New England keyboardist, singer, and songwriter Matt Glickman has carved out a distinguished position in the music world. His collaborations with Yardbirds members, repeat performances at esteemed venues, invitations to festivals like LOCKN’, and associations with members from Furthur and The Wallflowers all contribute to his own musical trajectory.
And tomorrow November 10th, Glickman will be releasing his debut solo album, Live From Starks, Maine 10.1.22.
Glickman’s key-tickling swagger and distinct style are on full display in this new live album. It kicks off with an ethereal and atmospheric vibe with, “Steady As Footprints,” which morphs into a more pensive, cinematic ballad. As the keys become more dramatic, his voice strikes, and the almost 10-minute opus is officially underway. With this opening track, it’s clear that Glickman is not confined to one sound or wavelength.
The third track on the album, “Secrets Of The Sages,” serves as a beautifully heartfelt showcase of both Glickman’s songwriting and piano skills. With soft-yet-gravelly vocals reminiscent of Neutral Milk Hotel’s Jeff Mangum, each moment of this song feels vulnerable and raw. The refrain, “With secrets of the sages, some things were meant to be,” is introspective and sung with deep feeling and emotion. It comes off as a very delightful listening room-style track.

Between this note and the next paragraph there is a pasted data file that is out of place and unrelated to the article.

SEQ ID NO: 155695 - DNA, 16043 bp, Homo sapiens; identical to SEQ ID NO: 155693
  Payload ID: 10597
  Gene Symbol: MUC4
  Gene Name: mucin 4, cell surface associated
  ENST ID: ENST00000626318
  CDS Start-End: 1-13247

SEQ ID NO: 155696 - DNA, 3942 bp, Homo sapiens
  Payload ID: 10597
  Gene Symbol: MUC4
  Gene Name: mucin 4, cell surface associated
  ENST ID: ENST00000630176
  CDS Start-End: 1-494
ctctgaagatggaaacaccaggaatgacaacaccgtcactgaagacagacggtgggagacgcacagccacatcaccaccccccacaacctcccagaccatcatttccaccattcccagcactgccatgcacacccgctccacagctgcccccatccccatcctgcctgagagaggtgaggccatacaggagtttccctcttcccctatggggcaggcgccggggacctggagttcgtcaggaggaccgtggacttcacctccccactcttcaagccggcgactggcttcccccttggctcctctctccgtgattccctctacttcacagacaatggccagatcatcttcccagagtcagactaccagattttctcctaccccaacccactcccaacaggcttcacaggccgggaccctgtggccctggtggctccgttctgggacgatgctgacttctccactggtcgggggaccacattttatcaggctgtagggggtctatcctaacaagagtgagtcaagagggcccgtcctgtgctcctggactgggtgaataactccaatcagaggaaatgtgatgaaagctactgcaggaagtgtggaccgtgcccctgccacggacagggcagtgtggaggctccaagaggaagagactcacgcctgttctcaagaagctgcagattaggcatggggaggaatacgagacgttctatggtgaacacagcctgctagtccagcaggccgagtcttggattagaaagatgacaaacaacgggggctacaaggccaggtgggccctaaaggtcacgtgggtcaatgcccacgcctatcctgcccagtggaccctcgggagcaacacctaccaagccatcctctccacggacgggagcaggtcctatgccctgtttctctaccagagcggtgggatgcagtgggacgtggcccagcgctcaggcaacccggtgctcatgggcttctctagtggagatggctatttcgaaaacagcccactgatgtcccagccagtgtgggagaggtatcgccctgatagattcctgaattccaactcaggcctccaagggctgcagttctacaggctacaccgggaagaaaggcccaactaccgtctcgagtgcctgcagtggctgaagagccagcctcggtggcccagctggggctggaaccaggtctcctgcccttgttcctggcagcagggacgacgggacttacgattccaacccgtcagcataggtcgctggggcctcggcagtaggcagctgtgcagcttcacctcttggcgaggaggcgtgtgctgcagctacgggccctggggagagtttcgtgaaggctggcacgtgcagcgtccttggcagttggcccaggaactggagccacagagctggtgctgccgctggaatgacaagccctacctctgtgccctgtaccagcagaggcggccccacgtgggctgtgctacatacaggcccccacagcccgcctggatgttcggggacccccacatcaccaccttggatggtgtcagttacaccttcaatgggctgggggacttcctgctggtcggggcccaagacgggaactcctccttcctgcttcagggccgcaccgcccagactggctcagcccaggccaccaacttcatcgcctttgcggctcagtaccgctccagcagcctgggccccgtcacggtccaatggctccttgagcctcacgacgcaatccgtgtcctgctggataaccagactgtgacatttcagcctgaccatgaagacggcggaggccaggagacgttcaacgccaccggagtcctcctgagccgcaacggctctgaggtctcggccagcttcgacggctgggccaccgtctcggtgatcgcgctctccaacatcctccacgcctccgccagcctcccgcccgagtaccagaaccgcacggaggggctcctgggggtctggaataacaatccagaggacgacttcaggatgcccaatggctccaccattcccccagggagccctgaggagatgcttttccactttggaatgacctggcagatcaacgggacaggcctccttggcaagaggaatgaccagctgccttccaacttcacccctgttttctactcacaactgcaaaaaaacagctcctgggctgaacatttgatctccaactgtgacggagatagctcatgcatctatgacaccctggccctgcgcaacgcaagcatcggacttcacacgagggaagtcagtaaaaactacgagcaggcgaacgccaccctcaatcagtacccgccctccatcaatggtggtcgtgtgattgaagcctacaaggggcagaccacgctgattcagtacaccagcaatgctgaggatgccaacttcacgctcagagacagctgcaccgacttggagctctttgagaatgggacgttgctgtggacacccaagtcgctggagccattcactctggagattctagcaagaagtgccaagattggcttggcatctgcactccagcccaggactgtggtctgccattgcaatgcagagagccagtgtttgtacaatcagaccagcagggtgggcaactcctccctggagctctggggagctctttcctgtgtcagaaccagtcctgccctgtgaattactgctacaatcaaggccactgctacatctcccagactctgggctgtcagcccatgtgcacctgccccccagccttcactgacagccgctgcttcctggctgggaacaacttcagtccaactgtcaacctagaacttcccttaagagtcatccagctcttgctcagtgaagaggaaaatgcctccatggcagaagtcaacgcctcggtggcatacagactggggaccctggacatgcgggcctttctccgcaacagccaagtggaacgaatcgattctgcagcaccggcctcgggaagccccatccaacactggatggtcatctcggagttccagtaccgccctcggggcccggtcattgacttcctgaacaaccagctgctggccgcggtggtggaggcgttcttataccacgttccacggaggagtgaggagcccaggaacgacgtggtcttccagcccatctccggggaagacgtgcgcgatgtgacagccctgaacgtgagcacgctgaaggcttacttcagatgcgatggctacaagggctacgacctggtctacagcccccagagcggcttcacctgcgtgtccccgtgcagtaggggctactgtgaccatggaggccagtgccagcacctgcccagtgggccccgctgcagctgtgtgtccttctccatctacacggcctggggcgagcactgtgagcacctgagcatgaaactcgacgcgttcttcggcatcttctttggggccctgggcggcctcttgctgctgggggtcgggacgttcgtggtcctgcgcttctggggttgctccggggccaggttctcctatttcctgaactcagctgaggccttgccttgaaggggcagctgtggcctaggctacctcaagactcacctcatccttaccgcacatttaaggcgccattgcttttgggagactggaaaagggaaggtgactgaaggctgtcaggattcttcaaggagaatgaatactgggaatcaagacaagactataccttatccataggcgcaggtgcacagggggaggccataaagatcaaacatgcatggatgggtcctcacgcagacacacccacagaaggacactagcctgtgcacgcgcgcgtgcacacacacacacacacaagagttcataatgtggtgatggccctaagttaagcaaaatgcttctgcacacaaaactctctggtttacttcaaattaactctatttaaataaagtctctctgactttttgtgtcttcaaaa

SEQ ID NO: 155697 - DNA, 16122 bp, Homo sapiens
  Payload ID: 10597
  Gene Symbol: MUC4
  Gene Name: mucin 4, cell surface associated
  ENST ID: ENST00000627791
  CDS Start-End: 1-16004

“Maybe Its For The Best” (ft. Darby Sabin) hits with a finger-snappin’ piano vibe fit for a 50s jazz lounge. It’s upbeat and happy-go-lucky, with catchy lines like “Paid my dues but I failed every test / Maybe it’s for the best,” peppering the track. Sabin, a singer-songwriter known for her collaborations with renowned artists like Oteil Burbridge and Tom Constanten, shares the song with Glickman for the perfect blend of smooth and raspy vocals that are filled with pep, humor, and fun.
The final track on the album, a 19+ minute cover of The Grateful Dead’s “Unbroken Chain,” serves as both the drawn-out climax and resolution to a delightfully innovative live album. It serves as an homage to one of Glickman’s strongest influences, Robert Hunter, the famed Grateful Dead lyricist. “Hunter’s dark narratives about characters who are down and out resonated with me as a metaphor,” Glickman shares.
This stands clear in Glickman’s beautiful rendition of the track, from his stunning piano melodies to his passionate vocals. Despite the length of the track, the power behind the performance leaves the listeners longing for another chord played, another line sung.
Born and raised in New York City, Glickman was trained as a classical musician, immersing himself in the works of the greats like Mozart, Chopin, Beethoven- you name it. In high school, however, Glickman began spending his time among the hippies, artists, and activists of Greenwich Village, and in this creative environment, his own path began to forge.
Along with his real-world influence, Glickman completed his formal musical education at Boston’s Berklee College of Music under instructor Dave Limina. This contrast between the technical skill of his formal training and his more free-formed experiences in jam scenes lead to the dynamic, personal, and unique collection that is Live From Starks, Maine 10.1.22.
Glickman will also be participating in the newest Yardbirds tribute release, Family Tree II.
Note* Paul Howard contributed to this article